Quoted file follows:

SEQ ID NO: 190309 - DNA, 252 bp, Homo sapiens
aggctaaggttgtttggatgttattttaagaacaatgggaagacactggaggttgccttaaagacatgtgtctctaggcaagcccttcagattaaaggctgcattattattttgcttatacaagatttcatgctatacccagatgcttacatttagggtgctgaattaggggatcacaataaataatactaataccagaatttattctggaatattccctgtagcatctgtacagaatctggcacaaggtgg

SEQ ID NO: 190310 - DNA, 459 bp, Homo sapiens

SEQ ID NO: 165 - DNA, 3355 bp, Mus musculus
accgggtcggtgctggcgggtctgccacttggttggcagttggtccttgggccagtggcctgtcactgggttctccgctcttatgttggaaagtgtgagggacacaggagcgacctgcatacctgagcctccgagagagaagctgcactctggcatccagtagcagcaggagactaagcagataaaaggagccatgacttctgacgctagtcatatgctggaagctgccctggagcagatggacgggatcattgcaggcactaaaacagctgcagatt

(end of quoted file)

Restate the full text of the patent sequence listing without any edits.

SEQ ID NO: 190309 - DNA, 252 bp, Homo sapiens
aggctaaggttgtttggatgttattttaagaacaatgggaagacactggaggttgccttaaagacatgtgtctctaggcaagcccttcagattaaaggctgcattattattttgcttatacaagatttcatgctatacccagatgcttacatttagggtgctgaattaggggatcacaataaataatactaataccagaatttattctggaatattccctgtagcatctgtacagaatctggcacaaggtgg

SEQ ID NO: 190310 - DNA, 459 bp, Homo sapiens

SEQ ID NO: 165 - DNA, 3355 bp, Mus musculus
accgggtcggtgctggcgggtctgccacttggttggcagttggtccttgggccagtggcctgtcactgggttctccgctcttatgttggaaagtgtgagggacacaggagcgacctgcatacctgagcctccgagagagaagctgcactctggcatccagtagcagcaggagactaagcagataaaaggagccatgacttctgacgctagtcatatgctggaagctgccctggagcagatggacgggatcattgcaggcactaaaacagctgcagatt